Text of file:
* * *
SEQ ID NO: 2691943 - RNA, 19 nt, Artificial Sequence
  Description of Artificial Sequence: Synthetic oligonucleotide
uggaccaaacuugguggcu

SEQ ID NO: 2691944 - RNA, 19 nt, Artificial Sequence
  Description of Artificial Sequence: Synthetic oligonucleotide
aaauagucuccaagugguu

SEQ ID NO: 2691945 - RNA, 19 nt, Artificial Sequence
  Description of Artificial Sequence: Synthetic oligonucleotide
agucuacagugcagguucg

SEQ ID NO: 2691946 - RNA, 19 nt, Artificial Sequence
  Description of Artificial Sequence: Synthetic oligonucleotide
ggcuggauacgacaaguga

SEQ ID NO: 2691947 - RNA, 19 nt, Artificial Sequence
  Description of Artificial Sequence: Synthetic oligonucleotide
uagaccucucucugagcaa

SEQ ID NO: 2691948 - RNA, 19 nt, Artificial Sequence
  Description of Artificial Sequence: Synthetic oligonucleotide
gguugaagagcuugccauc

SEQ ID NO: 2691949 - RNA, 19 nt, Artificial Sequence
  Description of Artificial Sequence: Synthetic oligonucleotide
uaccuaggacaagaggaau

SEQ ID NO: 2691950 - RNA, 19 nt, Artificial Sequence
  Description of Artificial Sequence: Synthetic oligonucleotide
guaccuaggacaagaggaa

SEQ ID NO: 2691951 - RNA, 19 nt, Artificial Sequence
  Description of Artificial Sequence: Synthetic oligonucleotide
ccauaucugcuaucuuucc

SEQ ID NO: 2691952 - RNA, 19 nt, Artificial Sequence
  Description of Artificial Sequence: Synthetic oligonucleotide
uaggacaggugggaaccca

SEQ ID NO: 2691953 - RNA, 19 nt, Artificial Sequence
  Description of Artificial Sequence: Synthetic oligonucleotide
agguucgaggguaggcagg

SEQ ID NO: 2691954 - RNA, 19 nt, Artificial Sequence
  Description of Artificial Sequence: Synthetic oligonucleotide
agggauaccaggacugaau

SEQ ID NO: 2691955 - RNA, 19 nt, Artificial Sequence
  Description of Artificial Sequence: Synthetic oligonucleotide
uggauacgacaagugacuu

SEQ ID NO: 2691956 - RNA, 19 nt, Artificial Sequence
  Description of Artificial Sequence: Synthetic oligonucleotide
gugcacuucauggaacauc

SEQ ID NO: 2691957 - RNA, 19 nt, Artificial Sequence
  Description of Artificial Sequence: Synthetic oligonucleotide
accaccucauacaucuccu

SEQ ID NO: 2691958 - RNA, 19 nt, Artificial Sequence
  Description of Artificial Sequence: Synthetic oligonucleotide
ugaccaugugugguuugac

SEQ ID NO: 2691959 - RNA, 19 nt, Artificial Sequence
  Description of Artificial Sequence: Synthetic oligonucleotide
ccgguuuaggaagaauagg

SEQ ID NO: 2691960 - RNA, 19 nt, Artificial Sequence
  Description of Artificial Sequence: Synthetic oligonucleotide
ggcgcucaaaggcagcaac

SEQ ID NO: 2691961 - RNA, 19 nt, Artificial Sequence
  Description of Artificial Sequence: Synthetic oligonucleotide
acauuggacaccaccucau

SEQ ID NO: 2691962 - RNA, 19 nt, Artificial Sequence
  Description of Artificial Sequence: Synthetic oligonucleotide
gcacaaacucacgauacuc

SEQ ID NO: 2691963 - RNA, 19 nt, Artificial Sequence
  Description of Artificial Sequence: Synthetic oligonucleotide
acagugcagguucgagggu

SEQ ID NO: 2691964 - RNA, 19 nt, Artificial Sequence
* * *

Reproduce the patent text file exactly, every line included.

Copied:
SEQ ID NO: 2691943 - RNA, 19 nt, Artificial Sequence
  Description of Artificial Sequence: Synthetic oligonucleotide
uggaccaaacuugguggcu

SEQ ID NO: 2691944 - RNA, 19 nt, Artificial Sequence
  Description of Artificial Sequence: Synthetic oligonucleotide
aaauagucuccaagugguu

SEQ ID NO: 2691945 - RNA, 19 nt, Artificial Sequence
  Description of Artificial Sequence: Synthetic oligonucleotide
agucuacagugcagguucg

SEQ ID NO: 2691946 - RNA, 19 nt, Artificial Sequence
  Description of Artificial Sequence: Synthetic oligonucleotide
ggcuggauacgacaaguga

SEQ ID NO: 2691947 - RNA, 19 nt, Artificial Sequence
  Description of Artificial Sequence: Synthetic oligonucleotide
uagaccucucucugagcaa

SEQ ID NO: 2691948 - RNA, 19 nt, Artificial Sequence
  Description of Artificial Sequence: Synthetic oligonucleotide
gguugaagagcuugccauc

SEQ ID NO: 2691949 - RNA, 19 nt, Artificial Sequence
  Description of Artificial Sequence: Synthetic oligonucleotide
uaccuaggacaagaggaau

SEQ ID NO: 2691950 - RNA, 19 nt, Artificial Sequence
  Description of Artificial Sequence: Synthetic oligonucleotide
guaccuaggacaagaggaa

SEQ ID NO: 2691951 - RNA, 19 nt, Artificial Sequence
  Description of Artificial Sequence: Synthetic oligonucleotide
ccauaucugcuaucuuucc

SEQ ID NO: 2691952 - RNA, 19 nt, Artificial Sequence
  Description of Artificial Sequence: Synthetic oligonucleotide
uaggacaggugggaaccca

SEQ ID NO: 2691953 - RNA, 19 nt, Artificial Sequence
  Description of Artificial Sequence: Synthetic oligonucleotide
agguucgaggguaggcagg

SEQ ID NO: 2691954 - RNA, 19 nt, Artificial Sequence
  Description of Artificial Sequence: Synthetic oligonucleotide
agggauaccaggacugaau

SEQ ID NO: 2691955 - RNA, 19 nt, Artificial Sequence
  Description of Artificial Sequence: Synthetic oligonucleotide
uggauacgacaagugacuu

SEQ ID NO: 2691956 - RNA, 19 nt, Artificial Sequence
  Description of Artificial Sequence: Synthetic oligonucleotide
gugcacuucauggaacauc

SEQ ID NO: 2691957 - RNA, 19 nt, Artificial Sequence
  Description of Artificial Sequence: Synthetic oligonucleotide
accaccucauacaucuccu

SEQ ID NO: 2691958 - RNA, 19 nt, Artificial Sequence
  Description of Artificial Sequence: Synthetic oligonucleotide
ugaccaugugugguuugac

SEQ ID NO: 2691959 - RNA, 19 nt, Artificial Sequence
  Description of Artificial Sequence: Synthetic oligonucleotide
ccgguuuaggaagaauagg

SEQ ID NO: 2691960 - RNA, 19 nt, Artificial Sequence
  Description of Artificial Sequence: Synthetic oligonucleotide
ggcgcucaaaggcagcaac

SEQ ID NO: 2691961 - RNA, 19 nt, Artificial Sequence
  Description of Artificial Sequence: Synthetic oligonucleotide
acauuggacaccaccucau

SEQ ID NO: 2691962 - RNA, 19 nt, Artificial Sequence
  Description of Artificial Sequence: Synthetic oligonucleotide
gcacaaacucacgauacuc

SEQ ID NO: 2691963 - RNA, 19 nt, Artificial Sequence
  Description of Artificial Sequence: Synthetic oligonucleotide
acagugcagguucgagggu

SEQ ID NO: 2691964 - RNA, 19 nt, Artificial Sequence